4.3 INSECTS. Wood destroying insects require three conditions to complete their life cycle.
These are (1) a source from which the infestation can spread, (2) susceptible wood, and, (3) suitable
conditions of temperature and humidity. Insects are often selective in what they will attack. Moist
conditions that support fungal decay in wood often encourage insect infestations.
Emphasis in this section will be placed on the damage caused by insects because the damage is
usually exposed and, thus, more easily observed than the insects themselves. Furthermore, two
forms of insects, the immature and the adult form, may be involved in creating the damage. The
adult form of the insect is present for only a portion of the year. Immature forms may be observed
during other times. Thus, correct identification from the insect is often difficult. The important
characteristics for termites and carpenter ants are summarized in Table 4-2 and for wood boring in-
sects in Table 4-3.
4.3.1 Subterranean Termites. Subterranean termites refer to both native and imported
species which have specific requirements for moisture. The insects maintain their nests in the
ground or in very close contact with other sources of moisture. Subterranean termites range
throughout much of the United States (Figure 4-11).
When damaged wood is broken open, several characteristic features can be observed (Figure 4-12).
First, termites tend to eat the soft earlywood and leave behind the hard latewood. A thin outer shell
is left around the entire wood member. Some cavities may contain substantial quantities of soil
mixed with chewed wood. The gallery walls of the damaged wood and shelter tubes will have a
pale, spotted appearance resembling dried oatmeal. The appearance is produced by the plastering of
soft fecal material on the surface. There are no fecal pellets in subterranean termite galleries.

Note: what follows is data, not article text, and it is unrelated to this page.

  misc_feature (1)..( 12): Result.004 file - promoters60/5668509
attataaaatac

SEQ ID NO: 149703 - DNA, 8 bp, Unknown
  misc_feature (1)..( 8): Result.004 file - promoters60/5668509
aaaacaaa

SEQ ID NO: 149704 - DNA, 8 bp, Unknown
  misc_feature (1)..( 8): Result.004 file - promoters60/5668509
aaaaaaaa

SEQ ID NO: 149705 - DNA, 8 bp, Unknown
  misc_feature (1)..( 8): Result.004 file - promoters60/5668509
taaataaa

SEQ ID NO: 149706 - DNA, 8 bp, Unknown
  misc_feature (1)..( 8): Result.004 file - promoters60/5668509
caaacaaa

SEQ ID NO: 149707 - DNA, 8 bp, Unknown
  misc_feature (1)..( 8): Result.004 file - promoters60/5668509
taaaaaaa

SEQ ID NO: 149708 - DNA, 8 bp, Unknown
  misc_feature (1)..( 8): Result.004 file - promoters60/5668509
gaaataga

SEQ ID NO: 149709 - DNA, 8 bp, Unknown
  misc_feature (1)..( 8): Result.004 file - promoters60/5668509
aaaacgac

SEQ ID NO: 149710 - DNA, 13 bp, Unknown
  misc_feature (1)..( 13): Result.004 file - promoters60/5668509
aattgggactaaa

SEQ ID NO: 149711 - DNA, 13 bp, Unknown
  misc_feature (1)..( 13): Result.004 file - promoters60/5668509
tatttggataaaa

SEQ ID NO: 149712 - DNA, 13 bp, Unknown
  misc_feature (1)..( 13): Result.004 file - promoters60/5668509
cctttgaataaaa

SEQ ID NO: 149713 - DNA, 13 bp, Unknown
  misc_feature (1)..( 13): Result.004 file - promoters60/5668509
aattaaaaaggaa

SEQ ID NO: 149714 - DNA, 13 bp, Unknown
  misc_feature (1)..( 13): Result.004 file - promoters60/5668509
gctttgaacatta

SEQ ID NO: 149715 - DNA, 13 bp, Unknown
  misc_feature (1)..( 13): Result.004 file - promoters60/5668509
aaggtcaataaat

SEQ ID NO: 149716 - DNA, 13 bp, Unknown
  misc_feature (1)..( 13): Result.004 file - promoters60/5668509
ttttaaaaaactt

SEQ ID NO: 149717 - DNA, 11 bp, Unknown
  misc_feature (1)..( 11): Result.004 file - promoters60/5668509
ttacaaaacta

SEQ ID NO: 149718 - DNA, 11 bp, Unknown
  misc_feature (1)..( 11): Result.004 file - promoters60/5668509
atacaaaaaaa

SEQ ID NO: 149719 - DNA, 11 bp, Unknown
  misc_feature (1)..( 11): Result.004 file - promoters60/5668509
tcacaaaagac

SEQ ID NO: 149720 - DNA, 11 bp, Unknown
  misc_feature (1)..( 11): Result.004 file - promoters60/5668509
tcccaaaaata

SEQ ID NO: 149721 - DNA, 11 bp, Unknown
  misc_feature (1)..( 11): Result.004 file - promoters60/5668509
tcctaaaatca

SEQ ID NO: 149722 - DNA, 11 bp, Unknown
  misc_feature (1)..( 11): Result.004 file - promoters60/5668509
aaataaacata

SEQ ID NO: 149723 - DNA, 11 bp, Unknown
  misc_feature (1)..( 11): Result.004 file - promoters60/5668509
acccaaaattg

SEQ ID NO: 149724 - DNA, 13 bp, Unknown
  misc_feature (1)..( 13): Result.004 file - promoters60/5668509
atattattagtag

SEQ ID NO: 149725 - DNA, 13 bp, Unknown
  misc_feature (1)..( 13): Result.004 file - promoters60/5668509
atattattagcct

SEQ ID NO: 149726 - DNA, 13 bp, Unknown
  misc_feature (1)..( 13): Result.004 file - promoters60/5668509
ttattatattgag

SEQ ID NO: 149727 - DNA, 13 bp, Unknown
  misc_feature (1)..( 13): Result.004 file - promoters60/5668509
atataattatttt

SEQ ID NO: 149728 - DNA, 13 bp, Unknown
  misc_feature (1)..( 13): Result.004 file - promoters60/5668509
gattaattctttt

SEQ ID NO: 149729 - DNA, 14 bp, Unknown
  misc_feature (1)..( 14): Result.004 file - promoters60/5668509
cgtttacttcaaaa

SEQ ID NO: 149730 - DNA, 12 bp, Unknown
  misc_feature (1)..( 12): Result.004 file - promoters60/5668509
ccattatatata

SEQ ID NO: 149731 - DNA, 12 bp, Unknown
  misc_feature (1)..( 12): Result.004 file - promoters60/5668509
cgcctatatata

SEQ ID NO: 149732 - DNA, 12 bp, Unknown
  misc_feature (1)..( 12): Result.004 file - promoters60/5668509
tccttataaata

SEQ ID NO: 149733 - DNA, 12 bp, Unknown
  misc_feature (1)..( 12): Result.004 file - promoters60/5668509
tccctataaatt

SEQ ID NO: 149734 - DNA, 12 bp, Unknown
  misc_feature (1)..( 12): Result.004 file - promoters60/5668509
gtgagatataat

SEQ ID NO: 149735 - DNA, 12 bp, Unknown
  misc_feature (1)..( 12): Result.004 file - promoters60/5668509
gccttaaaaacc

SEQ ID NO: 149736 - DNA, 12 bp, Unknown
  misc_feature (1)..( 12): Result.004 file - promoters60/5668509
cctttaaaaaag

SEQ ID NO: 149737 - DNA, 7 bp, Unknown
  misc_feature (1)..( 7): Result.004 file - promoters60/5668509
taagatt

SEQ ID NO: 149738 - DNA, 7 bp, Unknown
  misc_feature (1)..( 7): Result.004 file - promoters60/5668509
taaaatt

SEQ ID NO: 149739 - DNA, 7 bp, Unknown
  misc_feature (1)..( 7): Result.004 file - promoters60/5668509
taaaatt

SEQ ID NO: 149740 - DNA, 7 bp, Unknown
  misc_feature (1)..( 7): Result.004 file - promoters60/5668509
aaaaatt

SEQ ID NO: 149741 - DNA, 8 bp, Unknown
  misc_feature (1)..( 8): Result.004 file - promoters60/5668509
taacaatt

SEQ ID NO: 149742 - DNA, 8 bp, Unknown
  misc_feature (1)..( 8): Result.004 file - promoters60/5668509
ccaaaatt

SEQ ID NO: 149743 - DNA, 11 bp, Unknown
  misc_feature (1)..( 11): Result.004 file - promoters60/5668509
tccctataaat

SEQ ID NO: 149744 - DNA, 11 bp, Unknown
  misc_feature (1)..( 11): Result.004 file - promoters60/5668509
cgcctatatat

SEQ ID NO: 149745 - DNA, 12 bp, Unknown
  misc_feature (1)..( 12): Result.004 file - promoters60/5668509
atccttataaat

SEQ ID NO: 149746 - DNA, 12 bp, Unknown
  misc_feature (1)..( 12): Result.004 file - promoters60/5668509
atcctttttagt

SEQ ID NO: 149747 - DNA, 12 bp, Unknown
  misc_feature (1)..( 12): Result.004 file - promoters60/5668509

22.214.171.124 Native Species. Native subterranean termites are small to medium sized
insects that live in social groups or colonies. These individuals will be found in different stages of
metamorphosis (egg, nymph or adult) and different casts (reproductive, workers, and soldiers). Both
winged and wingless adults occur in any one colony.
A termite colony is initiated with two primary reproductives or swarmers. The swarmers are light
tan to black in color with four equal-sized wings, three pairs of legs, one pair of antennae and a pair
of large eyes on the head, and are about 1/3 to 1/2 inch long (Figure 4-13). These primary reproduc-
tives are released by a mature colony of termites during daylight hours in the spring and early sum-
mer for most parts of the country. In the desert southwest and southern California, the swarms
occur more commonly on summer nights, shortly after the first rain. Thousands of swarmers may
emerge from numerous colonies at any one time, thus allowing intermixing of individuals from
many populations. Termites are relatively weak fliers and their wings break off easily. The
presence of large numbers of wings from these swarmers is an indication that a colony is close by.
The female attracts a nearby male and the two then search for a suitable nesting site. The first eggs
are laid within a week to several weeks after mating and development of the colony is very slow for